The main problem I had to solve was the fact that when you braid enough strands of floss together, using a "regular" braid, to get the correct headstall width for a traditional scale halter, you end up with it being much to thick and round.
Solution? Two braids!
(NOTE: As with my other "How-To" pages, this is written (hopefully) so that anyone can follow along, even a "beginner". Which means if you already have some experience braiding or sewing...some of the details may be unecessary for you...)
For a traditional scale halter, I use 4 strands of DMC brand embroidery floss. Each strand of floss has 6 threads twisted together, so that gives me a total of 24 threads. Of those 24 threads, I use 22 threads for the braid.
To prepare the floss for braiding, I unravel each of the 4 strands of floss into individual threads. Then, I reassemble them into 3 piles of 8 strands each, and then pick 2 threads to discard. This leaves one pile with 8 threads, and two piles with 7 threads.
I separate the floss into threads for two reasons. One...it allows me to mix colors to get the perfect shade that I want. I often use partial strands of some colors...so that I have (for example) 3 threads of color #902, 3 threads of #815, 3 threads of #521, 3 threads of #221, 5 threads of #3817, and 5 threads of #791. (those numbers are probably not really good together...since I randomly wrote them without looking at what color they actually are..)
The second reason for separating the floss is that it breaks up the strand into something that looks less like embroidery floss, and more like a woven strand... A very small detail, admittedly...but it is the little things like this that will make your halter stand out over the rest!
(Sometimes the threads will seem a little thicker or thinner, depending on dye lot, color, if you use something other than DMC, etc....and then I add, or subtract, threads until the braid feels "right.")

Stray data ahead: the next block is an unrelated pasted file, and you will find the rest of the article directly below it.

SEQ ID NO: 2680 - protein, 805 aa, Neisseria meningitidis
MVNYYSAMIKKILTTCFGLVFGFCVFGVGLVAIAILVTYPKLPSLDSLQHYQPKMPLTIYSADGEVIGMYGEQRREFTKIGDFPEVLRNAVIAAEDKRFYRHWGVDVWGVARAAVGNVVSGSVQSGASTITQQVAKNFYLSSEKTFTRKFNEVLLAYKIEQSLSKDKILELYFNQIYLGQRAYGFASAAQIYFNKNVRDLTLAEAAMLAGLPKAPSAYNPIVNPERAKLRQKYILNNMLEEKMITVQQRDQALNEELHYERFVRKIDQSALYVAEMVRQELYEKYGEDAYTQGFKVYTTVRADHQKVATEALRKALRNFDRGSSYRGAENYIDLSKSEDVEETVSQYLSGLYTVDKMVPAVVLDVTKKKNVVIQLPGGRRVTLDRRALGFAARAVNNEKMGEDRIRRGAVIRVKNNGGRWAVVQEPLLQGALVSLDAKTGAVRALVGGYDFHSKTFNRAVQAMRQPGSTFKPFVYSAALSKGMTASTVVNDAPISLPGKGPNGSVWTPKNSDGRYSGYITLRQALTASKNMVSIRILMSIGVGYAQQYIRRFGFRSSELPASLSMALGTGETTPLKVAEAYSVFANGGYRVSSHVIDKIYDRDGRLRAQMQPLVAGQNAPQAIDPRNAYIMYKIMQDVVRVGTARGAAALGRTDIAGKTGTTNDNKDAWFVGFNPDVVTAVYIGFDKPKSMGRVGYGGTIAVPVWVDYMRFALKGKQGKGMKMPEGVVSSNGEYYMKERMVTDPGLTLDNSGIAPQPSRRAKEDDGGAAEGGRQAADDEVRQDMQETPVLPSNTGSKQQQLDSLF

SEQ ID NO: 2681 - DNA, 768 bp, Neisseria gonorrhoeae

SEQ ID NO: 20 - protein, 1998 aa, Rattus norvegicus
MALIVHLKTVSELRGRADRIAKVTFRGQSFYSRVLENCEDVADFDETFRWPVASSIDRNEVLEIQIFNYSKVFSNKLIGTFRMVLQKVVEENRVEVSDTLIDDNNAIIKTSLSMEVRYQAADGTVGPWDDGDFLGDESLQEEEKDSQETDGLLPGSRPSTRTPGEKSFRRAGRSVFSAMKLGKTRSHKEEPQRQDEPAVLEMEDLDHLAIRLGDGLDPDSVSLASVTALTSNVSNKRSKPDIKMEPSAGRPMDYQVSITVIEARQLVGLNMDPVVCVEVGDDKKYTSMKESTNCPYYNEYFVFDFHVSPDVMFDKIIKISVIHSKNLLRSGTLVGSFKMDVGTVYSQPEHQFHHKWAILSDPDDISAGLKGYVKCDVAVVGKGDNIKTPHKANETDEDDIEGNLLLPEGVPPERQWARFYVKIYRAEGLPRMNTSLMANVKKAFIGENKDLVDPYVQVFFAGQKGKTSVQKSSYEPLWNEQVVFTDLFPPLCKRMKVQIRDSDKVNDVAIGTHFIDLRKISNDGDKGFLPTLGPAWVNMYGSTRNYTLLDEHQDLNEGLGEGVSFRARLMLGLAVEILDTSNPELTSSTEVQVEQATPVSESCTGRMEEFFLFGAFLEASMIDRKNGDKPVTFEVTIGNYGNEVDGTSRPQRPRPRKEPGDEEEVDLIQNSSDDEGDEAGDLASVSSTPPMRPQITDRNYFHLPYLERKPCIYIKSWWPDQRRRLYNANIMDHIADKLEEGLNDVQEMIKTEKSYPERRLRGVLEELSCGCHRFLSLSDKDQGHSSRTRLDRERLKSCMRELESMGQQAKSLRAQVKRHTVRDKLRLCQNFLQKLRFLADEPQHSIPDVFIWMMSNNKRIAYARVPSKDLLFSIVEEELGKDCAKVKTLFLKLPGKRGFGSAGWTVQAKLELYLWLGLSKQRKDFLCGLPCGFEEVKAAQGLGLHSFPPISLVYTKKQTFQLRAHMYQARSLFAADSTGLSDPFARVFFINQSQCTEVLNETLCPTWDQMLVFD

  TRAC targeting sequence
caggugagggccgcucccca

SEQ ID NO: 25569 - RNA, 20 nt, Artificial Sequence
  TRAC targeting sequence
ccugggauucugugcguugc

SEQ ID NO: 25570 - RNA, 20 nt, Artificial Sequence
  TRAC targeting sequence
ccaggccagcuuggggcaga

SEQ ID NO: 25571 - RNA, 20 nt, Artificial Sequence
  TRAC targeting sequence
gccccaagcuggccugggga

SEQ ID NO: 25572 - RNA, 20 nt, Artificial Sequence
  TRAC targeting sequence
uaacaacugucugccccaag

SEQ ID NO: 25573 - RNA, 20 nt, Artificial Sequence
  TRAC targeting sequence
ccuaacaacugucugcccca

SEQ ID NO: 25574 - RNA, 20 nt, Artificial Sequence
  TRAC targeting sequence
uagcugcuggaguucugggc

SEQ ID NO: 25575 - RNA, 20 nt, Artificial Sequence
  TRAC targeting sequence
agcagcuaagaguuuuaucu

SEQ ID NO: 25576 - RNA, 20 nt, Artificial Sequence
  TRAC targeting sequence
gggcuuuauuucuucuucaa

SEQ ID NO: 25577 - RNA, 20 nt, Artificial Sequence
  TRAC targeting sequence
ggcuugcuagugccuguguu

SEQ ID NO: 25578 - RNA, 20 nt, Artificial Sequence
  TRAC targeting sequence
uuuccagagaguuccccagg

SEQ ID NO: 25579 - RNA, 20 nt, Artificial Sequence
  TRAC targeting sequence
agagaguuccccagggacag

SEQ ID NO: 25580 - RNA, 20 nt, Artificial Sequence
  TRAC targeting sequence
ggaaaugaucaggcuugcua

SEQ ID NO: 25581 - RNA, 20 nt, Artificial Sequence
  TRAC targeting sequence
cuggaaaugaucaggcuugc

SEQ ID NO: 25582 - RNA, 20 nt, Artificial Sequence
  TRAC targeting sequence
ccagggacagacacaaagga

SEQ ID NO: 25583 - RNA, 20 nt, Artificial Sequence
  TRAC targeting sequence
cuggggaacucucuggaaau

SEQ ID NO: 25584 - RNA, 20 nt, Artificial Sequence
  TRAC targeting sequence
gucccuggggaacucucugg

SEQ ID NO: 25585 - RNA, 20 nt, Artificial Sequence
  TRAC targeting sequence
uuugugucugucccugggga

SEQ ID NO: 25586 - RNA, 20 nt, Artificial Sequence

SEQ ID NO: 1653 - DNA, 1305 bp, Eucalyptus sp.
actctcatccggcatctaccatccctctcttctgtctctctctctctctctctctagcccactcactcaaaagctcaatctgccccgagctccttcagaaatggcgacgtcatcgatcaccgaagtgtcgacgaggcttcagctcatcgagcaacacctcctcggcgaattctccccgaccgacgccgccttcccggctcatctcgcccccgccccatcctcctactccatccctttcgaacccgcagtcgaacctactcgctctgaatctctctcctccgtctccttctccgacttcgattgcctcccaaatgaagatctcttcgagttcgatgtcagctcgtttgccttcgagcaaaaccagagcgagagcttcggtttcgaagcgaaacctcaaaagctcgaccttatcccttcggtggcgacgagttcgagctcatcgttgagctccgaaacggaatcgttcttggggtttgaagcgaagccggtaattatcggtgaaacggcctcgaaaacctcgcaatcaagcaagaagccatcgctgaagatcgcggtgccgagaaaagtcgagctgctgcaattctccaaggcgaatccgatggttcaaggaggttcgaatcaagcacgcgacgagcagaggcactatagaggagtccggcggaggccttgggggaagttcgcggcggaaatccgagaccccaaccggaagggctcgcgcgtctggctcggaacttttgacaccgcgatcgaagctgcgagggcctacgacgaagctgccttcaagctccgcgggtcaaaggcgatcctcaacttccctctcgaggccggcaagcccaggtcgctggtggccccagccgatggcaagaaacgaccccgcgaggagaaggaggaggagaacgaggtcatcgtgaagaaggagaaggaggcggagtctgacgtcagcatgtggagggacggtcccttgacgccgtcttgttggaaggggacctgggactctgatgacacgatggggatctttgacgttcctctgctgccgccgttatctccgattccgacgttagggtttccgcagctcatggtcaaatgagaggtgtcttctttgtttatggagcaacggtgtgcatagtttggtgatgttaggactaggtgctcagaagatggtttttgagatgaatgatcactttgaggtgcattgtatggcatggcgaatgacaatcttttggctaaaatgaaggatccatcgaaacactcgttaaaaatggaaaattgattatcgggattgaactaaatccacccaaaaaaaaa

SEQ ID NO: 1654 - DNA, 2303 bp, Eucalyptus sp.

When I have my three piles...I braid. : )
A regular, three-strand, over-the-middle-strand type of braid...
To assemble the headstall, I place two of these braids side-by-side, and sew/weave them together, using a beading needle and regular cotton sewing thread that blends in with whatever color the headstall floss is.
To secure the end, I wrap a bit of wire around the braid about 4 times. (usually either 28 or 30 gauge wire) I leave a bit of floss on the other side of the wire as a "fringe." (about 1/4" give or take...)
Note: When measuring the braid length needed for the two braids to sew together for the headstall, and figuring out where to wire-wrap the ends...leave more than you think you need! When you sew/weave the two braids together it compacts the length slightly...so if you don't start with extra, your halter will be too small. (and you will be sad!) I have found that a single braid having with a length of 5 7/16" will end up at just about the correct length after it is sewn with the other braid, and will fit most traditional Arab heads.
It is difficult to keep the two braids exactly lined up when you are binding them together. The floss always seems to slide a bit one way or another, just to spite you! (Meaning...if you start with two braids that are the same length, you might still end up with one longer than the other when you have sewn them together!) To solve this problem, I have found two solutions. One...practice!! I can now keep both braids in line and end up with everything where it should be without too much frustration, but it took me a good few dozen to master the technique. Keeping an even tension on your thread, and on both braids, is the most important factor. Or, Two..."cheat!" I used to measure and wire-wrap one length of braid on both ends. But, on the other braid, I only wire-wrap the end that I start sewing. I sew the two braids together almost up to the other end, and then measure the unwrapped braid against the already measuren/wrapped braid. I can then see just where to wrap the second braid so that the wire-wrapped areas line up.